Wednesday, September 9, 2009

Are Static Source Code Analysis Solutions One Size Fit All?

Automated source code analysis solutions worth their salt are complex products that do heavy duty analysis on complex codebases. They churn through thousands to millions of lines of code written by teams of developers each with their own skill levels and style. Millions of paths are typically analyzed in a single run producing what it thinks are valid defects to be examined.

On one level, you'll hear people say that code is the same whether it is written in Java, C++, C or C#. After all, some universities give computer science homework assignments that can be written in your language of choice. On the other hand, there is a high degree of variability in the customer base that a static analysis vendor must provide. There are just some of the significant differences:
  • Industry - some industries care about different things. A router company is going to care more about memory leaks because their code may be in operation for months to years at a time. A desktop application may not care at all about memory leaks because they know their application will be open and closed frequently. You can imagine that a military aerospace or medical devices company would have vastly different priorities than a SaaS product where the system can be controlled much more easily. Some organizations may want to squeeze every last possible defect the tool can find at the cost of getting some additional noise. Others may be looking for a good "bang for the buck" and fix bugs opportunistically without having to wade through false positives.
  • Development environment - the software development tools space is highly fragmented. There are hundreds of vendors that provide source control systems, compilers, bug tracking systems, build and continuous integration tools, automated test tools, etc. On top of that, there may be third party libraries in use and/or code generation tools that supplement the hand-written codebase. Software applications are almost always built in a custom way and it's hard for a third party tool to get an accurate picture of what the shipped code actually is without a significant amount of tweaking and integration. A static tool may simply not understand a custom memory allocator or a source/sink for a data flow analysis. They may also have some compiler incompatibility issues. What can happen is that you don't get 100% coverage. Tools will typically "fail" silently or make it nonobvious how to find out what your true coverage is.
  • Development process - similar to the diversity of the software development infrastructure, software development organizations are often very chaotic. Some organizations follow the traditional waterfall methodology and others follow Agile processes. These requirements place demands on how a source code analysis is deployed and used. Some organizations are global with offshore development teams making significant contributions.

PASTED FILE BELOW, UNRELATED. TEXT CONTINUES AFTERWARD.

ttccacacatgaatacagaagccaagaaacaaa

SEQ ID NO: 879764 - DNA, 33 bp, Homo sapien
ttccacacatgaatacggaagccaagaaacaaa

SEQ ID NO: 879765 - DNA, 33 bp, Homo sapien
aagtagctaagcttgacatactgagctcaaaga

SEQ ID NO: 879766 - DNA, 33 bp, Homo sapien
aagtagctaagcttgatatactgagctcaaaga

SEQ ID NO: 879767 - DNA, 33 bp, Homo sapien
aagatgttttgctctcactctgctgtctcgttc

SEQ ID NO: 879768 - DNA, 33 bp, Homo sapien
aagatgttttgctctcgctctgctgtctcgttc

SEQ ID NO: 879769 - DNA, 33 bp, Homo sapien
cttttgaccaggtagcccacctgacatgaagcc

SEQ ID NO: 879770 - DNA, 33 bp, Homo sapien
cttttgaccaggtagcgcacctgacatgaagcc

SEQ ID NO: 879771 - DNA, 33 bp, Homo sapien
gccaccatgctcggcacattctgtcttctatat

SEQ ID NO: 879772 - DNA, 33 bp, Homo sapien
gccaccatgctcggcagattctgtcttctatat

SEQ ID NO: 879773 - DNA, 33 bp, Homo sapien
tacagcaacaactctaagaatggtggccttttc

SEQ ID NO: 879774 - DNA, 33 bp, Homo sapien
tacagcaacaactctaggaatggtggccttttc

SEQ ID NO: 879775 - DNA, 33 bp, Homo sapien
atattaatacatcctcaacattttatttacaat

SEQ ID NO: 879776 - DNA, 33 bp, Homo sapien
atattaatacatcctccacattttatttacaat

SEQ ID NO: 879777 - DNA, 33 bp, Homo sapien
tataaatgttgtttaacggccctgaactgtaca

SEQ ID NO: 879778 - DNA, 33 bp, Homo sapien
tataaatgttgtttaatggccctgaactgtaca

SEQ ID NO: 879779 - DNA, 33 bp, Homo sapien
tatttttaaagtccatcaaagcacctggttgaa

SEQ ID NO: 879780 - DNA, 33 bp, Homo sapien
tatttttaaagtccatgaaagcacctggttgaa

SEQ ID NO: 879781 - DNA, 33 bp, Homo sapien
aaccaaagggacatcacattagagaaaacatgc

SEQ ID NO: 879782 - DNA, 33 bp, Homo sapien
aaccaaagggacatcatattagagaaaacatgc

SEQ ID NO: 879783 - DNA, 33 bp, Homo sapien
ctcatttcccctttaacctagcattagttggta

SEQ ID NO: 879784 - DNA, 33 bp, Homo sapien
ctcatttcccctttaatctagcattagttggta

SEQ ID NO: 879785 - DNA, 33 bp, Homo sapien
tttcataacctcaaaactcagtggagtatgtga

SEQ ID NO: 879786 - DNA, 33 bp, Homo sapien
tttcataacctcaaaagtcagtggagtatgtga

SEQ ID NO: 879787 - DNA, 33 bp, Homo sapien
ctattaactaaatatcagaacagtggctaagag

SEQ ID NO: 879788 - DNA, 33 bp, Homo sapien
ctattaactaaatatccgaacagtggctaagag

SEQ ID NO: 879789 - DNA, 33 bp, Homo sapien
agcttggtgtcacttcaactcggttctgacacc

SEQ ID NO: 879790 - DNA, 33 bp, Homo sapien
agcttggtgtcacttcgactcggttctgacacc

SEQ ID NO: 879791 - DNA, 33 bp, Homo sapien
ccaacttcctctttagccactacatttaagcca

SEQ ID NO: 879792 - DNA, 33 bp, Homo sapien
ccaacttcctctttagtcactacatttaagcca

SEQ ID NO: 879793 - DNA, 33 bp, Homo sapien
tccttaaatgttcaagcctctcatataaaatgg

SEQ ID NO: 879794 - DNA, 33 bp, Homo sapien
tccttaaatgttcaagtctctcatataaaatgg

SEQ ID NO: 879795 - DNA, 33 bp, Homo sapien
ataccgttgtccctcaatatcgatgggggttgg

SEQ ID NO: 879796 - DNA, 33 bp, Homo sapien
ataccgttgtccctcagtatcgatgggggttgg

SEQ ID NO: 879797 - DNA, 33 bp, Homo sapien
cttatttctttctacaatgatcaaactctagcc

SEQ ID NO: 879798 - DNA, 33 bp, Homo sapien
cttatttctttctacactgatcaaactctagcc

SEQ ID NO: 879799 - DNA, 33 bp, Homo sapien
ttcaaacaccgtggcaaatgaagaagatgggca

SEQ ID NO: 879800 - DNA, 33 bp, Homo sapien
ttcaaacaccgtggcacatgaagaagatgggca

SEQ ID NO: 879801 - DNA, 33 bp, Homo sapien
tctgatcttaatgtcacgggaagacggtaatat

• Platforms - software development organizations typically commit to a single development platform (usually a specific Unix flavor, Linux, Windows, Mac OS X, etc.). However, they may be building software that will run on many different target platforms. Each of these applications use different libraries and may have significant functionality differences.
What's a static analysis tool to do to satisfy everybody? Should the default settings be set conservatively or aggressively? Are the settings designed to give a good demo/trial or are they set for a specific industry? The clear answer is that no tool comes out of the box optimized for your specific codebase. There is too much variability.

What's important to do is to build or obtain the expertise to optimize the tool for your codebase. After all, you are paying the license fee for the full benefit of the tool. If you don't take the extra effort to make sure you are optimized, then you are overpaying for the tool.

We've worked with many organizations who have taken different approaches. Some of built their expertise in-house with just the standard training as their starting point. This can take years to obtain expertise, however, the competency remains in-house. Others take a hybrid approach and allocate the right resources and get an expert to mentor them through the process. Others use consultants to get them all set up and running and then use their in-house staff to manage and administrate it. Others outsource everything related to the tool to an outside expert so that they can focus on their core competencies.

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